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Stroke patients' delay of emergency treatment
Uppsala University, Disciplinary Domain of Medicine and Pharmacy, Faculty of Medicine, Department of Public Health and Caring Sciences, Health Services Research.
Uppsala University, Disciplinary Domain of Medicine and Pharmacy, Faculty of Medicine, Department of Public Health and Caring Sciences, Health Services Research.
Uppsala University, Disciplinary Domain of Medicine and Pharmacy, Faculty of Medicine, Department of Public Health and Caring Sciences, Health Services Research.
2010 (English)In: Scandinavian Journal of Caring Sciences, ISSN 0283-9318, E-ISSN 1471-6712, Vol. 24, no 2, 307-311 p.Article in journal (Refereed) Published
Abstract [en]

Treatment of stroke victims with fibrinolysis should take place within a time limit of 3 hours. In spite of comprehensive endeavours to reduce hospital arrival time, too many patients still delay arrival beyond this time limit. This qualitative case study explored the meaning of acute stroke and treatment to four patients with more than 24-hour delayed arrival. The setting of the study was the catchment area of a university hospital. Semi-structured interviews were analysed through the empirical psychological, phenomenological method. An essence was found which was constituted by four themes. The essence of stroke symptoms and treatment was: 'Threatened control of bodily function, autonomy and integrity'. When the patients fell ill they acted as if nothing had happened. They treated their body like a defective device. In encounters with physicians they demanded to be met as a person by a person; otherwise they rejected both the physician and her or his prescriptions. They did not involve their near ones in decision-making. The conclusions were the following: Health care information about how to act in cases of early stroke symptoms may need to imbue people with an understanding of how early treatment of neurological symptoms and preserved control of life are intimately connected. Furthermore emergency care of acute stroke patients might need to take place in an organisation where patients are sure to be met by physicians as a person by a person.

Place, publisher, year, edition, pages
2010. Vol. 24, no 2, 307-311 p.
Keyword [en]
cerebrovascular accident, stroke, emergency treatment, delay of treatment, patient centredness
National Category
Medical and Health Sciences
URN: urn:nbn:se:uu:diva-97531DOI: 10.1111/j.1471-6712.2009.00721.xISI: 000277713500014PubMedID: 20233357OAI: oai:DiVA.org:uu-97531DiVA: diva2:172516
Available from: 2008-09-18 Created: 2008-09-18 Last updated: 2010-12-13Bibliographically approved
In thesis
1. Understanding Life After Stroke
Open this publication in new window or tab >>Understanding Life After Stroke
2008 (English)Doctoral thesis, comprehensive summary (Other academic)
Abstract [en]

Stroke is an acute, neurological dysfunction of vascular origin with sudden occurrence and it influences physical, cognitive and psychological functions. Initial treatment aims at eliminating or reducing the brain damage. Soon, however, the influence of the stroke on the entire life of stroke survivors has to be considered.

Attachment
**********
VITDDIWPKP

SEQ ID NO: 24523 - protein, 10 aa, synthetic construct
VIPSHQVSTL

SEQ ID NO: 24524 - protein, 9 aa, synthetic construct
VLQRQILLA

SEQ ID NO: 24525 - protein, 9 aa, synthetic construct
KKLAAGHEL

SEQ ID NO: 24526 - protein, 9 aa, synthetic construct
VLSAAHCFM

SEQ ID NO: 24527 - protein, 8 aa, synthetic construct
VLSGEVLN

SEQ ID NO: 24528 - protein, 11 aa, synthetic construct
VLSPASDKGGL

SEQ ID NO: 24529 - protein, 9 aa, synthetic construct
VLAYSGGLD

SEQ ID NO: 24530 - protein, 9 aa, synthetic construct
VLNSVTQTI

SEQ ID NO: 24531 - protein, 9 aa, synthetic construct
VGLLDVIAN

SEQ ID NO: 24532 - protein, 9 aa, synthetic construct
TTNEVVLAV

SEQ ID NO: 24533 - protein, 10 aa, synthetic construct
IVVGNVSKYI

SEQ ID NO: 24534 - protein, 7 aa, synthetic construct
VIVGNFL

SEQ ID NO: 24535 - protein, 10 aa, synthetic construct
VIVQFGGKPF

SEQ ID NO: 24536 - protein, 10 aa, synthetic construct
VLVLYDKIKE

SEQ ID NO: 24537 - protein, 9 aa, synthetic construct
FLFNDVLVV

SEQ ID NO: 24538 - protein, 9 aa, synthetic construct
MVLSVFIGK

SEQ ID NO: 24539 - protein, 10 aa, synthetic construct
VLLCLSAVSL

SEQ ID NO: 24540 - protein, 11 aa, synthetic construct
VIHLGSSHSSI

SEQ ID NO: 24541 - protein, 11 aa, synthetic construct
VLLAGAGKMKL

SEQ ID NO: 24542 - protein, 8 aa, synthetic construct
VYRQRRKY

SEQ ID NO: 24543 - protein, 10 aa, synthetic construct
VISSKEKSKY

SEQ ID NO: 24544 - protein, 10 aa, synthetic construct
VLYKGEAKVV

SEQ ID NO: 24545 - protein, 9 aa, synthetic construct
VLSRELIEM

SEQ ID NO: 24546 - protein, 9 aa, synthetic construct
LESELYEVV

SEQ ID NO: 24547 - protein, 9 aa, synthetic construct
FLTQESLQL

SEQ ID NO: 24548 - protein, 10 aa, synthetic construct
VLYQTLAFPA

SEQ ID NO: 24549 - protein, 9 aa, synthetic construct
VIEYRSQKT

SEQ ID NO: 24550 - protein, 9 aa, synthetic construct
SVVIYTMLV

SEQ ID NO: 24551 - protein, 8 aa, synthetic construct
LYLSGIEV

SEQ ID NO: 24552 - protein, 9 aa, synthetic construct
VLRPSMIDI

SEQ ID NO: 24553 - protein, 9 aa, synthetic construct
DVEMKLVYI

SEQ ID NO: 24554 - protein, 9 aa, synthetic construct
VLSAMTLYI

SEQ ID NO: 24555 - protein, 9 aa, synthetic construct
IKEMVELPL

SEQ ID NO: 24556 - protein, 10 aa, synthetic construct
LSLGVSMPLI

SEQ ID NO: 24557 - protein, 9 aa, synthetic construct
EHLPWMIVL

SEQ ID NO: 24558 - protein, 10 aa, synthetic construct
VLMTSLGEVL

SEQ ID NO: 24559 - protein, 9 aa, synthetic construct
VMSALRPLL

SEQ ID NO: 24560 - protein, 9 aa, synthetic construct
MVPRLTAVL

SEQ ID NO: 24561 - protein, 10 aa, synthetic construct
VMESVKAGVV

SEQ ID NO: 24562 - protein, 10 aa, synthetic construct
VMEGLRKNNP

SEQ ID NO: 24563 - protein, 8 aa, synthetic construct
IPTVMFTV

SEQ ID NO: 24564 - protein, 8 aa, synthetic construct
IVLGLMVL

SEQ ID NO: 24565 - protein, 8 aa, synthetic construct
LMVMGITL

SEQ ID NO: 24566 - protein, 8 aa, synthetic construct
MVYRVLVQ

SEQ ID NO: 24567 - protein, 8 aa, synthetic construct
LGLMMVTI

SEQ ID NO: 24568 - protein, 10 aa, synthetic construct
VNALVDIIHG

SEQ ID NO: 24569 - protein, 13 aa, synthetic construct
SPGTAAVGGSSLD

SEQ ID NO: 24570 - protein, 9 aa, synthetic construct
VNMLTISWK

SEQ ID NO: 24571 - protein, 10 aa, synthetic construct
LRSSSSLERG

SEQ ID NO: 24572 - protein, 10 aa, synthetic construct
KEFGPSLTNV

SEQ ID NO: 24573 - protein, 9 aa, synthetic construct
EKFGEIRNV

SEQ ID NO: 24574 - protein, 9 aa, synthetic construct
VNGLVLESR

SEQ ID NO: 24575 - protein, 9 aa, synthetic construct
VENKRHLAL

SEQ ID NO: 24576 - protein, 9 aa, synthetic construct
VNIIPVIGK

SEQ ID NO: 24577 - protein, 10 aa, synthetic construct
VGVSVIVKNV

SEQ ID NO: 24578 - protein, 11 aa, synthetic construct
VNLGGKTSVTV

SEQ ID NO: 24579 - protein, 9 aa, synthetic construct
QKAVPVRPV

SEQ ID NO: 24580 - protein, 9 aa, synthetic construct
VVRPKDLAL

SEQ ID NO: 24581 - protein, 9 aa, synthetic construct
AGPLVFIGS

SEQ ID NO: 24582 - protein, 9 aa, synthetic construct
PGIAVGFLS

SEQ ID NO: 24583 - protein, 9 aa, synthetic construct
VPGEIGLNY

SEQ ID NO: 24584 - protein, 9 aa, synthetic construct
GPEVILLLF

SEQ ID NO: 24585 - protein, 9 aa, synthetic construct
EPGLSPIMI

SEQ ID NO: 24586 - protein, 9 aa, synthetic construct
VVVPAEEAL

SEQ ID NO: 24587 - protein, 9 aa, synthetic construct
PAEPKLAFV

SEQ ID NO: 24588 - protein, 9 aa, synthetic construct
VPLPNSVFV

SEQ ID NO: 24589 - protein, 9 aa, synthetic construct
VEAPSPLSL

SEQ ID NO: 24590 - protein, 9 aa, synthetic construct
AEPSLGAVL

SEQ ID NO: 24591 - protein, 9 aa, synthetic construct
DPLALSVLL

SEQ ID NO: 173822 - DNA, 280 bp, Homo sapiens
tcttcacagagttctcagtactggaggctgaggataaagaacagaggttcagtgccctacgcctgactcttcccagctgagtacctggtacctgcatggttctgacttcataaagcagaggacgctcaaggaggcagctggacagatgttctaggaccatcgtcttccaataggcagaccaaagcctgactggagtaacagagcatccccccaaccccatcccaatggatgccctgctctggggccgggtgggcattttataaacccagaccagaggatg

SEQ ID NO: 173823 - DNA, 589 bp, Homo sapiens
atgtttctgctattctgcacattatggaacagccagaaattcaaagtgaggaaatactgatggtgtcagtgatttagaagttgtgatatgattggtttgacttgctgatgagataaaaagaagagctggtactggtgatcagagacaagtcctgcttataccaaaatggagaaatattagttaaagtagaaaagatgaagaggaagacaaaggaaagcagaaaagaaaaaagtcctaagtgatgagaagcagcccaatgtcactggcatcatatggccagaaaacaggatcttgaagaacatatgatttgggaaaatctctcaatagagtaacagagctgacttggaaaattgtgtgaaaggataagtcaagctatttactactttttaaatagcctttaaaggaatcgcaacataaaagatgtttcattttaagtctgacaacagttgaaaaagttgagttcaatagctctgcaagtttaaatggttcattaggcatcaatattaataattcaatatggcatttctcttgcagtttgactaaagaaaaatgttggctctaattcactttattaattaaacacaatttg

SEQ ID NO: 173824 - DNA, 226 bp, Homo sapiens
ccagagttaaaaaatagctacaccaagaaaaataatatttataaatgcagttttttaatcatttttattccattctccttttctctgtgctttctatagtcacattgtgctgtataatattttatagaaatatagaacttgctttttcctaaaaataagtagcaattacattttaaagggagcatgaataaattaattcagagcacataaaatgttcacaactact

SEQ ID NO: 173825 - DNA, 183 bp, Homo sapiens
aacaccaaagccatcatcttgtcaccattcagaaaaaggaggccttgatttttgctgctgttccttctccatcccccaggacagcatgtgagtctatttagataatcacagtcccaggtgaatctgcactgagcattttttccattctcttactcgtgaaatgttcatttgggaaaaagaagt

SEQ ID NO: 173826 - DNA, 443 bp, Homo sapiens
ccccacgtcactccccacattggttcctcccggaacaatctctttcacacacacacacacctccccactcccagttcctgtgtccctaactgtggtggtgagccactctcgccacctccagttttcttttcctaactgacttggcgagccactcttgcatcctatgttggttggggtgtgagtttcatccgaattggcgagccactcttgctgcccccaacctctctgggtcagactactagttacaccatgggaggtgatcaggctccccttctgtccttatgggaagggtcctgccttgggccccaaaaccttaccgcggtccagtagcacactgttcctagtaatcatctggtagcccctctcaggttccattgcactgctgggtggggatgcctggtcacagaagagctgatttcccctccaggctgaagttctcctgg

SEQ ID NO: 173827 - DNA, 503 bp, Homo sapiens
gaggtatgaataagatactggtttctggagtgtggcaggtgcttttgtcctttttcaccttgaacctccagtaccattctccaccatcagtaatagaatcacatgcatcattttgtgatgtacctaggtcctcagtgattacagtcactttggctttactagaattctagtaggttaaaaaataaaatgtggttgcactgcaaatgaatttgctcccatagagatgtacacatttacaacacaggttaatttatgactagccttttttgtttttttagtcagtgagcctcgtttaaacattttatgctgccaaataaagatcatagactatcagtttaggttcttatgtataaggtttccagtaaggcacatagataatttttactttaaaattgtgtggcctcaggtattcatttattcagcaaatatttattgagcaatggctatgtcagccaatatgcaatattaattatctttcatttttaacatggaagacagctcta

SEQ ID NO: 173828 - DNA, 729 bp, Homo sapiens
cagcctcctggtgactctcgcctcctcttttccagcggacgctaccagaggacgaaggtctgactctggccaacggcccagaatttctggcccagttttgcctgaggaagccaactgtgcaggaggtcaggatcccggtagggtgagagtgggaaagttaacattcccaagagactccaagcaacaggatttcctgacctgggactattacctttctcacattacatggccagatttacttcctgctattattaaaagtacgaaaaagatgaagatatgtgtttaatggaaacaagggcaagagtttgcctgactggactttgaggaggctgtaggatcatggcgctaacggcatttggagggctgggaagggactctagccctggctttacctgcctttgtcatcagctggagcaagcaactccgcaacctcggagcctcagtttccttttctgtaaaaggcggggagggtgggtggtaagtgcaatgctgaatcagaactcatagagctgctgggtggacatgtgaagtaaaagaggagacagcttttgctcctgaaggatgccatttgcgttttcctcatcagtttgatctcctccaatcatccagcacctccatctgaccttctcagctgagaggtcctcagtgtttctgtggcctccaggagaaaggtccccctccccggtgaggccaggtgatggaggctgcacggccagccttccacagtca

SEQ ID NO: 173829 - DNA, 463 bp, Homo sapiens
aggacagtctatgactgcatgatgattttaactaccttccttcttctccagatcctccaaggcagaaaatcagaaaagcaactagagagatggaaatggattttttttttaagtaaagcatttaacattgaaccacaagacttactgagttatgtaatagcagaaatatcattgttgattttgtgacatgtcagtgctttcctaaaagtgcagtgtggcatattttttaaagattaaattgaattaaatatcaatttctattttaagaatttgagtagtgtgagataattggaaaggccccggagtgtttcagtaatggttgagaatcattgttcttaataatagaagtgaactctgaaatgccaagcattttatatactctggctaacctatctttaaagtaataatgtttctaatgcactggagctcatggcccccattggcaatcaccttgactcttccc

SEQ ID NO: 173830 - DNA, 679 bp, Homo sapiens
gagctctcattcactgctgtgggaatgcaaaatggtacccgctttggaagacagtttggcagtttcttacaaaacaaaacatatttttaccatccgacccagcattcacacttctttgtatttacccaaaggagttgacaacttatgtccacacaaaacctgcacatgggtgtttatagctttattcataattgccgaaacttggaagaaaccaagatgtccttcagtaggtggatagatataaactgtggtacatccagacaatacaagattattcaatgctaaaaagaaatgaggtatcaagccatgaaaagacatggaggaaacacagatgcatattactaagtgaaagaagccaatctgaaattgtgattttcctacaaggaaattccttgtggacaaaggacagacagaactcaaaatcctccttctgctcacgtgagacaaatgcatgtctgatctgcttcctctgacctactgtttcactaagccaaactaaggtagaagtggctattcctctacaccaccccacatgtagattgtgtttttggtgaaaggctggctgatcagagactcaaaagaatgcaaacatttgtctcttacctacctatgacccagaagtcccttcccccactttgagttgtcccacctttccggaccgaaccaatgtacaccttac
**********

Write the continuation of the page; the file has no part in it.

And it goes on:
This thesis explores the meaning of life after stroke to 19 elderly stroke survivors during the first year post stroke. Survivors were interviewed twice and the interviews were analysed through qualitative methods.

Study I was about four survivors who delayed hospital arrival far beyond time limits for trombolytic treatment. The survivors had a strong need for control of body, autonomy and integrity and they demanded to be encountered in consultations as a person by a person. To make them search for emergency evaluation in time might demand an emergency care treating them according to these needs.

In Study II the voice of an aphasic survivor was heard. Because of the damaged language his rehabilitation unilaterally focussed on language training and his need for comprehensive support and planning for the future was not observed. Implementation of a qualitative research method for text analysis adapted to practical use in dialogues with aphasic persons might ensure these survivors an adequate rehabilitation.

Study III showed how time models in narratives helped stroke survivors to overcome uncertainty and recreate narrative coherence in their lives. Professionals can support survivors through revealing and reinforcing the meaning of these models.

Study IV found that the meaning of rehabilitation to stroke survivors was social reintegration. Many probably did not socially reintegrate because their own strategies and subjectively experienced disabilities were unacknowledged in their rehabilitation. Through integrating illness-as-lived perspectives with biomedical perspectives, subjective dysfunctions and rehabilitation strategies of survivors could be acknowledged in stroke rehabilitation.

Place, publisher, year, edition, pages
Uppsala: Universitetsbiblioteket, 2008. 80 p.
Digital Comprehensive Summaries of Uppsala Dissertations from the Faculty of Medicine, ISSN 1651-6206 ; 376
National Category
Clinical Science
urn:nbn:se:uu:diva-9278 (URN)978-91-554-7280-1 (ISBN)
Public defence
2008-10-10, Rudbecksalen, Rudbecklaboratoriet, Dag Hammarskölds väg 20, Uppsala, 09:15
Available from: 2008-09-18 Created: 2008-09-18Bibliographically approved

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